Try this nesting herb blend. It will make your coop smell delightful and possibly send an unwelcome message to pests (including your mice). This will also help repel mites and other parasites.

4. Holes

If your coop has any holes or gaps – cover those bad boys up. They are like little inviting open doors to our tiny rodent friends. You can use hardware cloth to cover areas of intentional ventilation. This will help with snakes as well.

5. Shut It

It may be obvious, but make sure the door(s) to your coop is shut tight. If there are gaps then you are at risk of making easy access to your mice friends. And then you’ll have to evict them (which isn’t friendly at all).

6. Trashy

Rodents love trash. Plain and simple. If you have barn trash, like old feed sacks, then remove it and clean up regularly.

Not only is trash like that (feed bag) a great place for nests to be made, but they also smell good to our little enemies (and why not, they can usually find a piece or two of grain and other yummy food sources in the trash).

7. Meow

This is my best and favorite battle-tested tip. A good ol’ barn cat is the best method I have found to get rid of mice in the chicken coop. Cats thrive on hunting and most of them do a pretty good job. Now don’t run out and get a pet you aren’t committed to, but if a cat is a pet you are prepared for and would enjoy – then have at it. It’s a pet that earns their keep.

Dogs are a close second. They usually love to snif out critters and scare them off.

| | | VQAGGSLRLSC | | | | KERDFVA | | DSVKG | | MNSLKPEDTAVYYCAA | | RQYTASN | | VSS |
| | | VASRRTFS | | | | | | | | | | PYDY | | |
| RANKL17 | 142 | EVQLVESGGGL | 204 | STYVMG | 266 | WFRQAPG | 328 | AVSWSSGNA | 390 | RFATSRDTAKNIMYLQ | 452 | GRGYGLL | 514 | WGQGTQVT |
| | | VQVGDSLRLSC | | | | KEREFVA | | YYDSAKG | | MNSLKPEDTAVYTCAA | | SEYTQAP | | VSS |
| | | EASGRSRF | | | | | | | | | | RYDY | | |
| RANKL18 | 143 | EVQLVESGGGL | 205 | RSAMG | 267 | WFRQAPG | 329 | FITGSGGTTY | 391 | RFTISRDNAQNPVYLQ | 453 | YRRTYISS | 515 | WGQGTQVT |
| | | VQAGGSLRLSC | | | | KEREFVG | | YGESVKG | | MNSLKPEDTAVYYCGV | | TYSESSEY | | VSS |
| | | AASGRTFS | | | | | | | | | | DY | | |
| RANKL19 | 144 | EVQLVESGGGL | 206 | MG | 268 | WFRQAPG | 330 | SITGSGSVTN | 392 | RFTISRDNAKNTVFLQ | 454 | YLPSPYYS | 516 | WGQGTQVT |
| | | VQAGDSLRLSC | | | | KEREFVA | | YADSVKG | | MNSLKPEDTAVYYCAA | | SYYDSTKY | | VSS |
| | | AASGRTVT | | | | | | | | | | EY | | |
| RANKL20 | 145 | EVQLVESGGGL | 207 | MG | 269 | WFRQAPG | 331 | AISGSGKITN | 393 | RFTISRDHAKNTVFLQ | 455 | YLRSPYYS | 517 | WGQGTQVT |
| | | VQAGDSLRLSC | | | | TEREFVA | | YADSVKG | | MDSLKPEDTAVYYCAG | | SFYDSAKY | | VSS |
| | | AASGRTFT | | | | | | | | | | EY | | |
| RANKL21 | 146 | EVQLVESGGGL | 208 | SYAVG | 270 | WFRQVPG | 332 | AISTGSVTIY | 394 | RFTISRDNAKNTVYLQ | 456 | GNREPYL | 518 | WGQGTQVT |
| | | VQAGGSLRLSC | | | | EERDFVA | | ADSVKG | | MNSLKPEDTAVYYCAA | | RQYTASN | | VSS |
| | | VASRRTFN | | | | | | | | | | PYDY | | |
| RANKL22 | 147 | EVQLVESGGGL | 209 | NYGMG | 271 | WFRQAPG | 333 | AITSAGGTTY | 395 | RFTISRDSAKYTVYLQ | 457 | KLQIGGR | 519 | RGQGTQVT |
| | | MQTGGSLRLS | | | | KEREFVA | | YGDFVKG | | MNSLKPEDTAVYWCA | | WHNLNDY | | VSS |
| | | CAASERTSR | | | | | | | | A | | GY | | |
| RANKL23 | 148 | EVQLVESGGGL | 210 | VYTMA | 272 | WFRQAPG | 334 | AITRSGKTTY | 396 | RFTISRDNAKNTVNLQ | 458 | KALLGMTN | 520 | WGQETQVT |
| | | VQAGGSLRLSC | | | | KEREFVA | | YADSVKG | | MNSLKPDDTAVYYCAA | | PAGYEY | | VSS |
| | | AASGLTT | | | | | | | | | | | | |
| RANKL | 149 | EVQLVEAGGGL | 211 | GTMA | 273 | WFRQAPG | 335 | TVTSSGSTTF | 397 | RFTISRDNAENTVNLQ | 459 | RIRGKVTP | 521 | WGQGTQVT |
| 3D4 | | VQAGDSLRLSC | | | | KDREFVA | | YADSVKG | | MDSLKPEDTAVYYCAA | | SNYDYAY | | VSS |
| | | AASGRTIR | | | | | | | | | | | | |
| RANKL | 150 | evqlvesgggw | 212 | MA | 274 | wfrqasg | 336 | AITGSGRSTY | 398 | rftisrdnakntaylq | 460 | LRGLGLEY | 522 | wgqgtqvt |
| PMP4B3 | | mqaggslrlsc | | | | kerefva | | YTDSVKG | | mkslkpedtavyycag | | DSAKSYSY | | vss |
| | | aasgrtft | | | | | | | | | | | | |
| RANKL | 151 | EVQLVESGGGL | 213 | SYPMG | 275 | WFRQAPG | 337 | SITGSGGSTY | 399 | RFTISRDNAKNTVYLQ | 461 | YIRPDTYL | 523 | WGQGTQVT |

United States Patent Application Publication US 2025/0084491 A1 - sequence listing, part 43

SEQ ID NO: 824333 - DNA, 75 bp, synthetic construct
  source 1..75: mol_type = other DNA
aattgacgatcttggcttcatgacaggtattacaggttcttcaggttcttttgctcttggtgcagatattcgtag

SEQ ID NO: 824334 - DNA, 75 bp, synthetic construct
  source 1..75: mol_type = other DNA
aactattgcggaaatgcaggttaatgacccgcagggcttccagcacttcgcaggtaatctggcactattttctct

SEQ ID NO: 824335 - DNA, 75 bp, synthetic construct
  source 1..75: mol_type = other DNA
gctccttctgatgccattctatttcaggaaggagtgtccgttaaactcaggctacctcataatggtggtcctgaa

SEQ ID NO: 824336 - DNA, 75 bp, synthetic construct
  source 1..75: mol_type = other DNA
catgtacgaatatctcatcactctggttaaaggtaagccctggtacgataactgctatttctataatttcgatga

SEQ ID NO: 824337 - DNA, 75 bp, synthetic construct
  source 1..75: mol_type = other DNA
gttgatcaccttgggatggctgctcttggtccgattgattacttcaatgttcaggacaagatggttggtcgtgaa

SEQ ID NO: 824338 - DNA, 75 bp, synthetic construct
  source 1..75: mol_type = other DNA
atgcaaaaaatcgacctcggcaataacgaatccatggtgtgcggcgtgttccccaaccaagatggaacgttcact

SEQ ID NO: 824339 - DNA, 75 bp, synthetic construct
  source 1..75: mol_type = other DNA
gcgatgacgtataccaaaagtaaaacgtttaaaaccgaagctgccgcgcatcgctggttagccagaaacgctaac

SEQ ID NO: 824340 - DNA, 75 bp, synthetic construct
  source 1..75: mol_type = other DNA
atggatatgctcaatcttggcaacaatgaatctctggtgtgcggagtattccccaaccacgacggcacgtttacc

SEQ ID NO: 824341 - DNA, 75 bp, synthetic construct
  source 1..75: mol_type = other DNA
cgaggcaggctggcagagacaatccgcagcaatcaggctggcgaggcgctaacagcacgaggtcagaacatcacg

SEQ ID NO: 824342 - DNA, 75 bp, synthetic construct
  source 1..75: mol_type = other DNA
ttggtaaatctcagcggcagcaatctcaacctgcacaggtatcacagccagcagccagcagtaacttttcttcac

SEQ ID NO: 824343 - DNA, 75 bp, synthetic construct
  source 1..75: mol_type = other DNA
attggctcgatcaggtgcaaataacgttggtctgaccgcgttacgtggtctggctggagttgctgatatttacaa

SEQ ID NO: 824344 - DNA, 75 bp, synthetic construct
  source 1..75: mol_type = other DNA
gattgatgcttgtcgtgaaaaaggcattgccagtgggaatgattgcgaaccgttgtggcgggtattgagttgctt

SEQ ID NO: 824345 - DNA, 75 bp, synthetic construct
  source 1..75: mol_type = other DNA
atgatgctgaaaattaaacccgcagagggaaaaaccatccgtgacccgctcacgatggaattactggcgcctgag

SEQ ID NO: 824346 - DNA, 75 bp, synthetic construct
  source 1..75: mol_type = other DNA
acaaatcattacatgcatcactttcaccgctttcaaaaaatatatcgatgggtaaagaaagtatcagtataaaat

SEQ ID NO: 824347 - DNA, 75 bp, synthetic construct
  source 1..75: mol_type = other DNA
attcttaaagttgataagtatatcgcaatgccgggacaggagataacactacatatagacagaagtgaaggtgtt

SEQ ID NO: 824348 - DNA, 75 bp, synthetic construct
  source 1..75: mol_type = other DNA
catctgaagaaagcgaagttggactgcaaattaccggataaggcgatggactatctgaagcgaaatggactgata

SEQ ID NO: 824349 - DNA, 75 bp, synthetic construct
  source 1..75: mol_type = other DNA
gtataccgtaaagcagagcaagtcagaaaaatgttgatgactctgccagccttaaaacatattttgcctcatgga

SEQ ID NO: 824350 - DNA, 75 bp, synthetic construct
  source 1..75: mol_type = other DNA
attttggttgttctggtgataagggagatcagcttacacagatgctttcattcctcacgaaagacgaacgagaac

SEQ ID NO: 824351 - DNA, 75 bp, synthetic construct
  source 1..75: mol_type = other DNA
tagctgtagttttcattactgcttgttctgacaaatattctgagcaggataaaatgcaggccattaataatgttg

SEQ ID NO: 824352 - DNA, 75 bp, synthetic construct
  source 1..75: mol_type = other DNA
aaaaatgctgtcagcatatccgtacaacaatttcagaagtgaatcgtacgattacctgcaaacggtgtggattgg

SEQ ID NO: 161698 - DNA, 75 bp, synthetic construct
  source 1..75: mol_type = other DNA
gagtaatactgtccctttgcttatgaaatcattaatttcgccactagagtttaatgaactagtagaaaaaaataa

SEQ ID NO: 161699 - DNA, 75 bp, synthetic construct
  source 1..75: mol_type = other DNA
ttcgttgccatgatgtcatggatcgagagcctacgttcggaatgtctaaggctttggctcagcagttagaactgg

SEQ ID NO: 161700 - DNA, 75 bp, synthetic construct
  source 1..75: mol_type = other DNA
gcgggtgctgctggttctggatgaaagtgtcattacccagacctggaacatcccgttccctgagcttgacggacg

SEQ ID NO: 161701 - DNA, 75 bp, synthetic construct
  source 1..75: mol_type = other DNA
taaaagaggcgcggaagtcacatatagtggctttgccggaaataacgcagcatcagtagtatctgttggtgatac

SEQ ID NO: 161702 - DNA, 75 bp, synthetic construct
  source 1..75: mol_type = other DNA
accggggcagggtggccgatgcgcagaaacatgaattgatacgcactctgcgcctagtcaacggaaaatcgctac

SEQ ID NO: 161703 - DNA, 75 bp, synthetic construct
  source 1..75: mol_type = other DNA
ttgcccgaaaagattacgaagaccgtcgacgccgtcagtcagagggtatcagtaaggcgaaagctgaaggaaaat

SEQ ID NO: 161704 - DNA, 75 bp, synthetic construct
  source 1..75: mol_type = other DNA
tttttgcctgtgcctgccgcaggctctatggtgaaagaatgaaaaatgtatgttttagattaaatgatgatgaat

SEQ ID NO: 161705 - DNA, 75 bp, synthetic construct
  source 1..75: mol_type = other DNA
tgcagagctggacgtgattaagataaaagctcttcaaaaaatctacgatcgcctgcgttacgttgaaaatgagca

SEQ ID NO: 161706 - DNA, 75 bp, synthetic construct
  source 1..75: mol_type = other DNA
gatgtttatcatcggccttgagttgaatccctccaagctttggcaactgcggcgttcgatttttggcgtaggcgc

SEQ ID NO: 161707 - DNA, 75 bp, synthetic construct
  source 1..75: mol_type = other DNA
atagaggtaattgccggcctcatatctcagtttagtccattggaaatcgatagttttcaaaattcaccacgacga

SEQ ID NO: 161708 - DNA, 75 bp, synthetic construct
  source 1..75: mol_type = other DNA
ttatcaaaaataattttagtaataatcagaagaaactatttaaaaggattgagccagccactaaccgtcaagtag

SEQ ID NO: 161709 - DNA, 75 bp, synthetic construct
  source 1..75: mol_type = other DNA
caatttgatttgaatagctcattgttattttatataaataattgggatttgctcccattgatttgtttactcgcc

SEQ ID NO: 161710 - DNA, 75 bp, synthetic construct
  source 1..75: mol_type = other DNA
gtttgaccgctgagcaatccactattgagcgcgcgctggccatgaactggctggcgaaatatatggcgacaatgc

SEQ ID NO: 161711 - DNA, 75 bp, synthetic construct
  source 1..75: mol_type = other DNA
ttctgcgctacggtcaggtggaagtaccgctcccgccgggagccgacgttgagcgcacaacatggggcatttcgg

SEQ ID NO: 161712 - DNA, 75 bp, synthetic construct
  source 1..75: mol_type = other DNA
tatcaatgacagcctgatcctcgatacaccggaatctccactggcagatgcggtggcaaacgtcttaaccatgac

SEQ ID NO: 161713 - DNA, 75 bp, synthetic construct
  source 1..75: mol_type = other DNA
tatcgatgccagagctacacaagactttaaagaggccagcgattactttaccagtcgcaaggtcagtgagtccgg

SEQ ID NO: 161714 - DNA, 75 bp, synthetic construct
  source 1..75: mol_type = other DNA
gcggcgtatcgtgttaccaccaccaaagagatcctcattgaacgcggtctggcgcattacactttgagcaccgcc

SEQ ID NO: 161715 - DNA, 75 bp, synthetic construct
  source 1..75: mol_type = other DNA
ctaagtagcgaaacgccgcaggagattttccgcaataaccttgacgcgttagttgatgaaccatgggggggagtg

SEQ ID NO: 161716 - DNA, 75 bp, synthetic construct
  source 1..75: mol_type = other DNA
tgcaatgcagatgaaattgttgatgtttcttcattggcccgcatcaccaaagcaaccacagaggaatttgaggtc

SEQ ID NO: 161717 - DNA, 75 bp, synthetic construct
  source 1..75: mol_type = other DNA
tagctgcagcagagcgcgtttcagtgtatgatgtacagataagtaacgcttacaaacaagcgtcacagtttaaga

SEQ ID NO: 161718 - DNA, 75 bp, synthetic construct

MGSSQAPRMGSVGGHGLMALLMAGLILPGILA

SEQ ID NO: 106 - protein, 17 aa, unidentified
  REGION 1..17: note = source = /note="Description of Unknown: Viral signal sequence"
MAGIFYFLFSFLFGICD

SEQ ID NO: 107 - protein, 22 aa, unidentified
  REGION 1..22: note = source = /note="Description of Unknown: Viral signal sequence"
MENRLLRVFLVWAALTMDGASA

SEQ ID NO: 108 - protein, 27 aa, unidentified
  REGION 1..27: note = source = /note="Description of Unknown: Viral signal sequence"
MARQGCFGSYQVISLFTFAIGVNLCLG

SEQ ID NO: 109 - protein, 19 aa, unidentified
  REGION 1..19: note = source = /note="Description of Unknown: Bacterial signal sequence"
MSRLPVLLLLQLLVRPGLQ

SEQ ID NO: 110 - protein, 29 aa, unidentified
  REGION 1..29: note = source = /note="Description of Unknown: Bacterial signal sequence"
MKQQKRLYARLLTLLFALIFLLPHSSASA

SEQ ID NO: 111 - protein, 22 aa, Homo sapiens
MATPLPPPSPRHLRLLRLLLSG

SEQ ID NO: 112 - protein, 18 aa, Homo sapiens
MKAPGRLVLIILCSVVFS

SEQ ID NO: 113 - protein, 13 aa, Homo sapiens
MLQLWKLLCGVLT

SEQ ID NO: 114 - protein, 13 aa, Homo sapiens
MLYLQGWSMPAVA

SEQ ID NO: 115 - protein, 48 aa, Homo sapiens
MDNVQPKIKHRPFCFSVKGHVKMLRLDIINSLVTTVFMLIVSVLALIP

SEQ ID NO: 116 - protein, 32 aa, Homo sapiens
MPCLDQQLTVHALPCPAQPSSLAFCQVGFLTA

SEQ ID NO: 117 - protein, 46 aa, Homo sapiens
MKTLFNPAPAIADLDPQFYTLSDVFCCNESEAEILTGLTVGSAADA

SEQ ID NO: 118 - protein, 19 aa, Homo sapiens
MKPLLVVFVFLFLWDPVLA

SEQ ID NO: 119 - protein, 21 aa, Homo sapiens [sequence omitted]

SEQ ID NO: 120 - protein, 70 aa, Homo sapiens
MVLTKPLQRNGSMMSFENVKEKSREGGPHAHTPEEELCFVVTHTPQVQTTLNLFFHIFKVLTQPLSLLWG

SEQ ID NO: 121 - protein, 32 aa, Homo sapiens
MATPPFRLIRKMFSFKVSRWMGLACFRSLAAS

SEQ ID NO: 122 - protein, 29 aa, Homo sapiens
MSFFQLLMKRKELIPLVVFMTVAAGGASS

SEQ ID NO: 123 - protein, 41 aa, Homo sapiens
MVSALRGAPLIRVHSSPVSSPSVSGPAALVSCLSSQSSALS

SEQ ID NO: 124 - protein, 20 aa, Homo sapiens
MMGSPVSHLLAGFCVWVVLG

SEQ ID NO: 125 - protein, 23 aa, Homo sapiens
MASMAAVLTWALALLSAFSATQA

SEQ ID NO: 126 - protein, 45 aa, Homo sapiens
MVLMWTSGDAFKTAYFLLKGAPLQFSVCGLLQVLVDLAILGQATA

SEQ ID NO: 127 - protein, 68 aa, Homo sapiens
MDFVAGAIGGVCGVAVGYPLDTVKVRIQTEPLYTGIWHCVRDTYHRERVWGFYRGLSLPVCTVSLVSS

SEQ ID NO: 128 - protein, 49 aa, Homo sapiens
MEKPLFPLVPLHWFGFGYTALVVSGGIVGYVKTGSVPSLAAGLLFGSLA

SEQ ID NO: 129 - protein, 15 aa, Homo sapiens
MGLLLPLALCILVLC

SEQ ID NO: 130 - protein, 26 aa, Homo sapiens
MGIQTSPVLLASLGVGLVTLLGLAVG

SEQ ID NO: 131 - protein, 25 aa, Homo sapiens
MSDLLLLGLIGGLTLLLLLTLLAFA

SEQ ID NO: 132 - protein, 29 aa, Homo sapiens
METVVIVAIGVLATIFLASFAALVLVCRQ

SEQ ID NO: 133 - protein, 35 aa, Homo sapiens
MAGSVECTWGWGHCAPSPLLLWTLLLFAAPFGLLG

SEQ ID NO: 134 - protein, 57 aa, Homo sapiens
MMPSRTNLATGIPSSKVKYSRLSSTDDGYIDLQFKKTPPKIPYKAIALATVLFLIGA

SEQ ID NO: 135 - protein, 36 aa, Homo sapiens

There are several really simple things you can do to keep mice feeling unwelcome and solve your rodent problem. They may just pack their bags and head for the hills if you follow these 7 simple tips. Then you can live the backyard chickens dream life, right? Well…perhaps that’s overboard, but it will be nice to keep the pest population down.


Maat van Uitert is a backyard chicken and sustainable living expert. She is also the author of Chickens: Naturally Raising A Sustainable Flock, which was a best seller in it’s Amazon category.  Maat has been featured on NBC, CBS, AOL Finance, Community Chickens, the Huffington Post, Chickens magazine, Backyard Poultry, and Countryside Magazine. She lives on her farm in Southeast Missouri with her husband, two children, and about a million chickens and ducks. You can follow Maat on Facebook here and Instagram here.

Similar Posts


  1. Listening to you podcast, i heard you mention a child xylophone for the chickens. I wish to mention that those who decide to use one make sure that it is painted with a lead free paint. Surely dont want the chickens eating lead paint, which will get in the eggs. You know the rest of the story

    Thank you for making these podcasts I have heard some new, interesting and good ideas from you.


    1. It’s probably because during the process where the calcium is added to the shell, too much calcium gets added to parts of the egg. It’s usually normal.

Comments are closed.